Tasmanian Devil Ambassador Program

​​​​​​Initiated in 2013, and developed in close consultation with the Australasian Zoo and Aquarium Association (ZAA), the Tasmanian Devil Ambassador Program (TDAP) was designed with the aim of placing suitable Tasmanian devils into world-class zoos as ‘ambassadors’. 

After a successful pilot project with San Diego Zoo, the TDAP was expanded in 2015 with membership now including zoos in the USA (San Diego Zoo, Albuquerque BioPark, Los Angeles Zoo, St Louis Zoo, Toledo Zoo and Fort Wayne Children’s Zoo) and New Zealand (Wellington Zoo, Auckland Zoo and Orana Wildlife Trust). 

 


More recently the ambassador program has expanded into zoos in Japan (Tama Zoo) and Europe (Copenhagen Zoo in Denmark, Duisburg in Germany and Pairi Daizi Zoo and Plankendael in Belgium).

Locations of Tasmanian devil Ambassadors

Each Tasmanian devil housed at participating ambassador zoos is from surplus ‘stock’ from within the Save the Tasmanian Devil Program’s (STDP) Insurance Population. These ambassador devils are provided for display purposes, rather than breeding, and play an important conservation role in raising awareness of the plight of the species on the world stage.​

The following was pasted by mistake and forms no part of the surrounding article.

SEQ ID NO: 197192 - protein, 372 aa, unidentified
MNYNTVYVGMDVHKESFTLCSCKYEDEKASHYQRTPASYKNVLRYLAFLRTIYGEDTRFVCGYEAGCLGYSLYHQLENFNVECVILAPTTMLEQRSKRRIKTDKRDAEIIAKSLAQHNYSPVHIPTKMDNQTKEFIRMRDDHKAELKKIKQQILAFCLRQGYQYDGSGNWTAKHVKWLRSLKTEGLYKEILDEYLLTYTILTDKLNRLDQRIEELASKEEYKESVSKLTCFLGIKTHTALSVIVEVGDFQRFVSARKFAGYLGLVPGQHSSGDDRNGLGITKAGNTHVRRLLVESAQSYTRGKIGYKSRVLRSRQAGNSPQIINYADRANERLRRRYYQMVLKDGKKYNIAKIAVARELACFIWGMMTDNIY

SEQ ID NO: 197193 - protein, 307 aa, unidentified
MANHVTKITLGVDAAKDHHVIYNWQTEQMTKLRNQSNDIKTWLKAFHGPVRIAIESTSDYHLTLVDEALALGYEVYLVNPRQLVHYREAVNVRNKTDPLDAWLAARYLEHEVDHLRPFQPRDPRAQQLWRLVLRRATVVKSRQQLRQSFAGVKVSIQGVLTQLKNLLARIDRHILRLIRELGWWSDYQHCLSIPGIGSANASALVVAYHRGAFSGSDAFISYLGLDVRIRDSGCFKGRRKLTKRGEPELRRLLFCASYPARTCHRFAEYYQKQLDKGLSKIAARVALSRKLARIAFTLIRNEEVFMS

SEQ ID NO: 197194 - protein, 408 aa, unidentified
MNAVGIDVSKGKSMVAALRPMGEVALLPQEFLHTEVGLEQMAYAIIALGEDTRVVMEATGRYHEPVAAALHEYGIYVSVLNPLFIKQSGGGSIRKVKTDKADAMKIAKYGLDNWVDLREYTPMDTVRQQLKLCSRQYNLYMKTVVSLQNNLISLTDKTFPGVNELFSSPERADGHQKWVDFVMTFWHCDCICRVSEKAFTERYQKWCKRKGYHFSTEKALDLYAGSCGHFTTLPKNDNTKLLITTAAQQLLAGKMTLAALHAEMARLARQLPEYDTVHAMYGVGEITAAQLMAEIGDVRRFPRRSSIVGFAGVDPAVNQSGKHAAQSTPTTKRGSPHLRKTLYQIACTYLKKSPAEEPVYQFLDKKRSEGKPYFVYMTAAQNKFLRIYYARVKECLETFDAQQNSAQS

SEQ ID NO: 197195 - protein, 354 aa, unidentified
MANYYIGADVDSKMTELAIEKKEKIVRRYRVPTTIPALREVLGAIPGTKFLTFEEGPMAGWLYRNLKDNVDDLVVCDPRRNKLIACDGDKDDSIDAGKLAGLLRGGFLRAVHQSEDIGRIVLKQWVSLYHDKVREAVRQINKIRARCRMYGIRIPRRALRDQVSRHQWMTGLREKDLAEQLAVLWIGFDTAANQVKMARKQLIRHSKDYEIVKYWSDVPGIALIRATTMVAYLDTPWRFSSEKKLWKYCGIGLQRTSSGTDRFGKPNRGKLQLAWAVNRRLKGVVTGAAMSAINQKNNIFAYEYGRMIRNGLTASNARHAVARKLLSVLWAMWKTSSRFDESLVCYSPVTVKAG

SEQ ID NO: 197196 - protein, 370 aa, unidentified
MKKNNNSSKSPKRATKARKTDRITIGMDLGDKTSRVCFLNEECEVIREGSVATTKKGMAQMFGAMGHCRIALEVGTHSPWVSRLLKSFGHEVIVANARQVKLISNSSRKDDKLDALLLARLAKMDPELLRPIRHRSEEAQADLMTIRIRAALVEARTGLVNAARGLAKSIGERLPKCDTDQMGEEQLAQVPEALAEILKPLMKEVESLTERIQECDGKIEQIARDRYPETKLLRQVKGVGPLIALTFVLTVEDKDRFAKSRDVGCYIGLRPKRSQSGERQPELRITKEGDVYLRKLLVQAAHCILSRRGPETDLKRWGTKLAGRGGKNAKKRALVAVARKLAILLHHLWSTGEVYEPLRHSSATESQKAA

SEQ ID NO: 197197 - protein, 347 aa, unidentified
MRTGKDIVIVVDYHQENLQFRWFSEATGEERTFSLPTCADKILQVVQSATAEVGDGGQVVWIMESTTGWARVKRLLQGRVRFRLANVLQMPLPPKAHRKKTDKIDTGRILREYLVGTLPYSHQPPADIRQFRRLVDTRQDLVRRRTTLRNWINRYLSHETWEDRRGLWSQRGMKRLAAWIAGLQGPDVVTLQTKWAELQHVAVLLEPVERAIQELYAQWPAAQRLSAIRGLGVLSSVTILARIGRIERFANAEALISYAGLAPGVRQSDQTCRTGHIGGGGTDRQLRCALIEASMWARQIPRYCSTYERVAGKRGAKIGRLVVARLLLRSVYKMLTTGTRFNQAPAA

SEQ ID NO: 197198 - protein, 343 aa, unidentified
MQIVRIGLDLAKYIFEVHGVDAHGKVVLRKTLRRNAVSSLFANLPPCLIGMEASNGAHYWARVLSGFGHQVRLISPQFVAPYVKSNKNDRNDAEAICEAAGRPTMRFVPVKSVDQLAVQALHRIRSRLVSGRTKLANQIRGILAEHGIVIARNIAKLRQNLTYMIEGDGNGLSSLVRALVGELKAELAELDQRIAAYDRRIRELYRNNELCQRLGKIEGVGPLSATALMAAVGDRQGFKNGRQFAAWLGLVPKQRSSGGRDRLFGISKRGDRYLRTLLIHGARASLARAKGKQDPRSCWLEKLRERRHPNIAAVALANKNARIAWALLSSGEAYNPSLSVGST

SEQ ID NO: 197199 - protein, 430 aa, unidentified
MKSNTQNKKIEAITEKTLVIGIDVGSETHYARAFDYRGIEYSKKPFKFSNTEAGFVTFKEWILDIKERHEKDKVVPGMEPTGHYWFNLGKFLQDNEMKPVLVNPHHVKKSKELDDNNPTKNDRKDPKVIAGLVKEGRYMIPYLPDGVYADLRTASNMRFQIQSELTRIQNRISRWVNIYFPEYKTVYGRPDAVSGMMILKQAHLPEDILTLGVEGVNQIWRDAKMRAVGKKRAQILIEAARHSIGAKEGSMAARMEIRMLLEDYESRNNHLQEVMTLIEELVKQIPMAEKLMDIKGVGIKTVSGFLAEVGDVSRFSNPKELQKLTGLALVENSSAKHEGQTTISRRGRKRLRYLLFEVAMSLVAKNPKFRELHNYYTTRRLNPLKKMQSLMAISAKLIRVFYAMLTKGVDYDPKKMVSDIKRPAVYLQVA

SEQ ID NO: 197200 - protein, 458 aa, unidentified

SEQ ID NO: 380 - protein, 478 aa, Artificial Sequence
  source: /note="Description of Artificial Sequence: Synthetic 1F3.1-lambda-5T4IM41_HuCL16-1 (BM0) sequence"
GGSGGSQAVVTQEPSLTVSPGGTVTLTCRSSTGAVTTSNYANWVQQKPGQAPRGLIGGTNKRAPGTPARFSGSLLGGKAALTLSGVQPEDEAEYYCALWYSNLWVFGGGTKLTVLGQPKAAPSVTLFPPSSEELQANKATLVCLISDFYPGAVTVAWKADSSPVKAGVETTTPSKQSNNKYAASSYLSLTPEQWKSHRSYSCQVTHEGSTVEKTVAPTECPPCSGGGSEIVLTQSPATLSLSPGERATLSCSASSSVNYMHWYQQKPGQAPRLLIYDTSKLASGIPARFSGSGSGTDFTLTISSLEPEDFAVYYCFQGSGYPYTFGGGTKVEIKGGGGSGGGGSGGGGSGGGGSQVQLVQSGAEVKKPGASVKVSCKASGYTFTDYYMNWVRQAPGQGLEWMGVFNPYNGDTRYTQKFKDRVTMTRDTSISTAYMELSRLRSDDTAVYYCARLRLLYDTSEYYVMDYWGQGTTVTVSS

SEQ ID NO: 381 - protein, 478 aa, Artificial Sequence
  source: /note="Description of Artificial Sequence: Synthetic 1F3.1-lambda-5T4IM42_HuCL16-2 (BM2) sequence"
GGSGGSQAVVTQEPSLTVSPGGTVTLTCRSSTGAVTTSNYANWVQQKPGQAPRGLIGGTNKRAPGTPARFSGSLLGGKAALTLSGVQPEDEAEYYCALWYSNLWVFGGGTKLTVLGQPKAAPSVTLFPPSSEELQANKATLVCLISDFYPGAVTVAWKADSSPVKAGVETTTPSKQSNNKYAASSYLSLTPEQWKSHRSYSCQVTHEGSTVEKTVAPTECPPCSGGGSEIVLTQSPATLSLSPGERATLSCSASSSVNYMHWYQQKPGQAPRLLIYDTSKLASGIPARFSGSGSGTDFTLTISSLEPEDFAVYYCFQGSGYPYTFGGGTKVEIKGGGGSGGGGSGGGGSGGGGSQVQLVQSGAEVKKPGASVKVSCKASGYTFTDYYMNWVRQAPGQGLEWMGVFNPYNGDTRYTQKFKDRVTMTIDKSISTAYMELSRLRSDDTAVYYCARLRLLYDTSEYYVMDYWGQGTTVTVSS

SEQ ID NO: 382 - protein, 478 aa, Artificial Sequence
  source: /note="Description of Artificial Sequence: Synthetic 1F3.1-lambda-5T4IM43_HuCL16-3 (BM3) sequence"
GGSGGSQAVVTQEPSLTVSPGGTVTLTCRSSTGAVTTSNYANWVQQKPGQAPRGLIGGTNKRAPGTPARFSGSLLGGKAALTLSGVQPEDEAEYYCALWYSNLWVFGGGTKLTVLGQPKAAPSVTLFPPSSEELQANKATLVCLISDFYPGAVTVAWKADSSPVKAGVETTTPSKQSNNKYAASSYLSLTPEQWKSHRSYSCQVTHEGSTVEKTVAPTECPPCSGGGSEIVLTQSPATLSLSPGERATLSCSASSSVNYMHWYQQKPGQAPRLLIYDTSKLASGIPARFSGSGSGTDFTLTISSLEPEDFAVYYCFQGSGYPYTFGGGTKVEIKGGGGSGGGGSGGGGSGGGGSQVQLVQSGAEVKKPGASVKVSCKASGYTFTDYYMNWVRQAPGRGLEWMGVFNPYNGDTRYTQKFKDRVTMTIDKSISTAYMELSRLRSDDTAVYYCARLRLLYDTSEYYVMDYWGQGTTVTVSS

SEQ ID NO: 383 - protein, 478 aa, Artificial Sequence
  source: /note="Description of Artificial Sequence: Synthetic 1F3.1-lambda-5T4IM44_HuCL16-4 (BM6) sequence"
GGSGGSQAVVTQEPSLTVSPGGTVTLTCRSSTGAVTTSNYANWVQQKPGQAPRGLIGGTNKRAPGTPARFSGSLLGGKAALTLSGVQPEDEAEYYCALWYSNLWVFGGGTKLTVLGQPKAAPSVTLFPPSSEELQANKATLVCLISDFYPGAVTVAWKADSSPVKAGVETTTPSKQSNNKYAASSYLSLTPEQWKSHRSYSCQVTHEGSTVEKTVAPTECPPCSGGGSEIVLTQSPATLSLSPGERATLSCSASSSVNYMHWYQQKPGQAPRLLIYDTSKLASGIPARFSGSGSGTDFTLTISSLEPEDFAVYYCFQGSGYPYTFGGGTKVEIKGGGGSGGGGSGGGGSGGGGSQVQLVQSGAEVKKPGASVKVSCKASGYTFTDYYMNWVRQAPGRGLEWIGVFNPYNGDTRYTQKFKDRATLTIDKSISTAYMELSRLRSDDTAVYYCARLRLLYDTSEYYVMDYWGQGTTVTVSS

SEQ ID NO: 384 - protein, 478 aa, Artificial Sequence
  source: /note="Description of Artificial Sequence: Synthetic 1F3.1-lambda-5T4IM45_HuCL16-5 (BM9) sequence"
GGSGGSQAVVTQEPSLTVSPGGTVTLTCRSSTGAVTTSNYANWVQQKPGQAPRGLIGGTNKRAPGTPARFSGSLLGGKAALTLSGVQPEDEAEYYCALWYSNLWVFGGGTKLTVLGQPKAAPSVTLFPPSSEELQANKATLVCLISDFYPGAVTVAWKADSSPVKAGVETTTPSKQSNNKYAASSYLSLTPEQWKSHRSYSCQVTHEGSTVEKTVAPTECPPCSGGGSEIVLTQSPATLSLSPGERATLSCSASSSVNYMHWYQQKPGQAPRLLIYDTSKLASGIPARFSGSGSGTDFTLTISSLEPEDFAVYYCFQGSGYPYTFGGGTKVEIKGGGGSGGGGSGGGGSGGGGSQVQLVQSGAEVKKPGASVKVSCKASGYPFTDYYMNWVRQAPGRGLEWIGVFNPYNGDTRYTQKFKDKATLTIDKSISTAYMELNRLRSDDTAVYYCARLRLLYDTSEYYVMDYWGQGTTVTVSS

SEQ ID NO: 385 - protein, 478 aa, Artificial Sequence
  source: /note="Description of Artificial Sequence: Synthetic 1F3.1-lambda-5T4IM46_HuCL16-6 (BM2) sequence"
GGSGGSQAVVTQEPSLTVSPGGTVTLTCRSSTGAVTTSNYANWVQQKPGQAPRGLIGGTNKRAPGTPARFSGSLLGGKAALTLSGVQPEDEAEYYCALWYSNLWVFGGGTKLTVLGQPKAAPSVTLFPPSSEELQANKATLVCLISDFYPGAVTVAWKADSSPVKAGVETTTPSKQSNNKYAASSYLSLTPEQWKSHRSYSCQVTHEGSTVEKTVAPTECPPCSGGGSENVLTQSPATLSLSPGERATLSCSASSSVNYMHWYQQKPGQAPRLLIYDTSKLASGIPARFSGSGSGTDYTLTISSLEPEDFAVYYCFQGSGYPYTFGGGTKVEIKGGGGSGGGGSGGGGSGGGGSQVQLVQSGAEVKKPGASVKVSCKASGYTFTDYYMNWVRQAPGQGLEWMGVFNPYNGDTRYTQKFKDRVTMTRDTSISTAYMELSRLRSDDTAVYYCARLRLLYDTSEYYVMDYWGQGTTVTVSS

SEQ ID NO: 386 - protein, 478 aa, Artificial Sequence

Ambassador Tasmanian devil at San Diego Zoo
copyright: San Diego Zoo ​

Ambassador devil Derwent checking out the snow at Tama Zoo
copyright: Dr Tatsuko Hara​

Only prominent zoos with a proven commitment to conservation are selected to participate in the TDAP and their involvement requires them to contribute directly to the STDP’s conservation efforts in Tasmania for this endangered species.
Some examples of how TDAP zoos have contributed funds to in situ conservation projects conducted by the STDP include:
  • funding for the annual monitoring project
  • genetic studies at University of Sydney,
  • supply of satellite tracking collars for post release monitoring,
  • development of a Roadkill App, and
  • flights to assist specific STDP work such as retrieving satellite tracking collars from the wukalina/Mount William Wild Devil Recovery release and a trip to the remote south west of Tasmania to search for new Tasmanian devil genetic diversity for the Founder Project.
With Tasmanian devils now held in zoos across America, Europe and Japan, further applications are being assessed for future Ambassador Program partners.

STDP David Schaap with Ambassador devils ready to board the plane and head to their new home ​

STDP David Schaap with Tama Zoo staff after a husbandry training session in Japan


Key references
Hogg, C.J., Grueber, C.E., Pemberton, D., Fox, S., Lee, A.V., Ivy, J.A. et al. (2017a). “Devil Tools & Tech”

A Synergy of Conservation Research and Management Practice. Conservation Letters, 10, 133-138.


Back Home